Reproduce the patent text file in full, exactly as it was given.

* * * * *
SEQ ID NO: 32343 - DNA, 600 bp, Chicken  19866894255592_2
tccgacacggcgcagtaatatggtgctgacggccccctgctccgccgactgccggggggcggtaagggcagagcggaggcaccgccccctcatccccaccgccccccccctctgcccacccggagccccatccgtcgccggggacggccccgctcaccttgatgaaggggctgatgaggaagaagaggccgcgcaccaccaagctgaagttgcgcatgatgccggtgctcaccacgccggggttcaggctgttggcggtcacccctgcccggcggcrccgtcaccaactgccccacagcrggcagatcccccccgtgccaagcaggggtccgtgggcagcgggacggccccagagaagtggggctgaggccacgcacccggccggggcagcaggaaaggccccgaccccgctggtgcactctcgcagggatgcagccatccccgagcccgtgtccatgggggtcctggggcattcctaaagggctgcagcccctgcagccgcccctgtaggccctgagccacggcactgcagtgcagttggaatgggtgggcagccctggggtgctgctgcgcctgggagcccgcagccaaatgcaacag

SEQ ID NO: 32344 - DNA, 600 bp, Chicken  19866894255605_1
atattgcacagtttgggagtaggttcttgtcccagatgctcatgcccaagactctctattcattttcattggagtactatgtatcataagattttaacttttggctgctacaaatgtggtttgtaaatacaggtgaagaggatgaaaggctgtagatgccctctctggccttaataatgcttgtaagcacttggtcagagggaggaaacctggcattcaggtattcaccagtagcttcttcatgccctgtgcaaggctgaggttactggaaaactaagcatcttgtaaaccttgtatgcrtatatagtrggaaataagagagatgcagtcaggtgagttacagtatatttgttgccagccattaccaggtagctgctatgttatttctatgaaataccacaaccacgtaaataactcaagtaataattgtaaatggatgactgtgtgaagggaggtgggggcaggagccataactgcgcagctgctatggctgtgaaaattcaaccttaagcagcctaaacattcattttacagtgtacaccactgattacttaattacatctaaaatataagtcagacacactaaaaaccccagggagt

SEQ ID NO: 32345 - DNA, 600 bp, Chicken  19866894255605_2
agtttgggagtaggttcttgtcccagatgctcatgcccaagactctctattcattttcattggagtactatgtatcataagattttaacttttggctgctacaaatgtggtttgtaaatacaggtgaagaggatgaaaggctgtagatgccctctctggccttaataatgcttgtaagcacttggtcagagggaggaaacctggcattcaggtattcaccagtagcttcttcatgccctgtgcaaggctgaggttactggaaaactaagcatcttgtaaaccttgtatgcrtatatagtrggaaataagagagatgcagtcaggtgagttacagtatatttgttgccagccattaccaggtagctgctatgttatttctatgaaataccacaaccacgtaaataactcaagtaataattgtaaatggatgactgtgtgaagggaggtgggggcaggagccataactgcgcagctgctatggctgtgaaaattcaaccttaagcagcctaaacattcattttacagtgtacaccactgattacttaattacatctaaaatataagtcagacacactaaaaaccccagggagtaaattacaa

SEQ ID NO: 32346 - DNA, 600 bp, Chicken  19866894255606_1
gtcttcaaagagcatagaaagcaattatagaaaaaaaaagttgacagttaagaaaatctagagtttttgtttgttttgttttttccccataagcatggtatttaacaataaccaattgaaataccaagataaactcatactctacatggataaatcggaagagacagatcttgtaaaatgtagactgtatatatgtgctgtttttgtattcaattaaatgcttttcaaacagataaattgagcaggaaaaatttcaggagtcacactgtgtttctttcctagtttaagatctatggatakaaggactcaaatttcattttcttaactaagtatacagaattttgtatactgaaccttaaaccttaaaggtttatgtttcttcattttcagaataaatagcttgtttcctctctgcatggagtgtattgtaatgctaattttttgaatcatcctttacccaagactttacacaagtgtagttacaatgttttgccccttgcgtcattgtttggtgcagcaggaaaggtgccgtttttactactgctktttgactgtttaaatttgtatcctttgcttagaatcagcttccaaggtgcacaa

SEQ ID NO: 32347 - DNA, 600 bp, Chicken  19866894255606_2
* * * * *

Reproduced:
SEQ ID NO: 32343 - DNA, 600 bp, Chicken  19866894255592_2
tccgacacggcgcagtaatatggtgctgacggccccctgctccgccgactgccggggggcggtaagggcagagcggaggcaccgccccctcatccccaccgccccccccctctgcccacccggagccccatccgtcgccggggacggccccgctcaccttgatgaaggggctgatgaggaagaagaggccgcgcaccaccaagctgaagttgcgcatgatgccggtgctcaccacgccggggttcaggctgttggcggtcacccctgcccggcggcrccgtcaccaactgccccacagcrggcagatcccccccgtgccaagcaggggtccgtgggcagcgggacggccccagagaagtggggctgaggccacgcacccggccggggcagcaggaaaggccccgaccccgctggtgcactctcgcagggatgcagccatccccgagcccgtgtccatgggggtcctggggcattcctaaagggctgcagcccctgcagccgcccctgtaggccctgagccacggcactgcagtgcagttggaatgggtgggcagccctggggtgctgctgcgcctgggagcccgcagccaaatgcaacag

SEQ ID NO: 32344 - DNA, 600 bp, Chicken  19866894255605_1
atattgcacagtttgggagtaggttcttgtcccagatgctcatgcccaagactctctattcattttcattggagtactatgtatcataagattttaacttttggctgctacaaatgtggtttgtaaatacaggtgaagaggatgaaaggctgtagatgccctctctggccttaataatgcttgtaagcacttggtcagagggaggaaacctggcattcaggtattcaccagtagcttcttcatgccctgtgcaaggctgaggttactggaaaactaagcatcttgtaaaccttgtatgcrtatatagtrggaaataagagagatgcagtcaggtgagttacagtatatttgttgccagccattaccaggtagctgctatgttatttctatgaaataccacaaccacgtaaataactcaagtaataattgtaaatggatgactgtgtgaagggaggtgggggcaggagccataactgcgcagctgctatggctgtgaaaattcaaccttaagcagcctaaacattcattttacagtgtacaccactgattacttaattacatctaaaatataagtcagacacactaaaaaccccagggagt

SEQ ID NO: 32345 - DNA, 600 bp, Chicken  19866894255605_2
agtttgggagtaggttcttgtcccagatgctcatgcccaagactctctattcattttcattggagtactatgtatcataagattttaacttttggctgctacaaatgtggtttgtaaatacaggtgaagaggatgaaaggctgtagatgccctctctggccttaataatgcttgtaagcacttggtcagagggaggaaacctggcattcaggtattcaccagtagcttcttcatgccctgtgcaaggctgaggttactggaaaactaagcatcttgtaaaccttgtatgcrtatatagtrggaaataagagagatgcagtcaggtgagttacagtatatttgttgccagccattaccaggtagctgctatgttatttctatgaaataccacaaccacgtaaataactcaagtaataattgtaaatggatgactgtgtgaagggaggtgggggcaggagccataactgcgcagctgctatggctgtgaaaattcaaccttaagcagcctaaacattcattttacagtgtacaccactgattacttaattacatctaaaatataagtcagacacactaaaaaccccagggagtaaattacaa

SEQ ID NO: 32346 - DNA, 600 bp, Chicken  19866894255606_1
gtcttcaaagagcatagaaagcaattatagaaaaaaaaagttgacagttaagaaaatctagagtttttgtttgttttgttttttccccataagcatggtatttaacaataaccaattgaaataccaagataaactcatactctacatggataaatcggaagagacagatcttgtaaaatgtagactgtatatatgtgctgtttttgtattcaattaaatgcttttcaaacagataaattgagcaggaaaaatttcaggagtcacactgtgtttctttcctagtttaagatctatggatakaaggactcaaatttcattttcttaactaagtatacagaattttgtatactgaaccttaaaccttaaaggtttatgtttcttcattttcagaataaatagcttgtttcctctctgcatggagtgtattgtaatgctaattttttgaatcatcctttacccaagactttacacaagtgtagttacaatgttttgccccttgcgtcattgtttggtgcagcaggaaaggtgccgtttttactactgctktttgactgtttaaatttgtatcctttgcttagaatcagcttccaaggtgcacaa

SEQ ID NO: 32347 - DNA, 600 bp, Chicken  19866894255606_2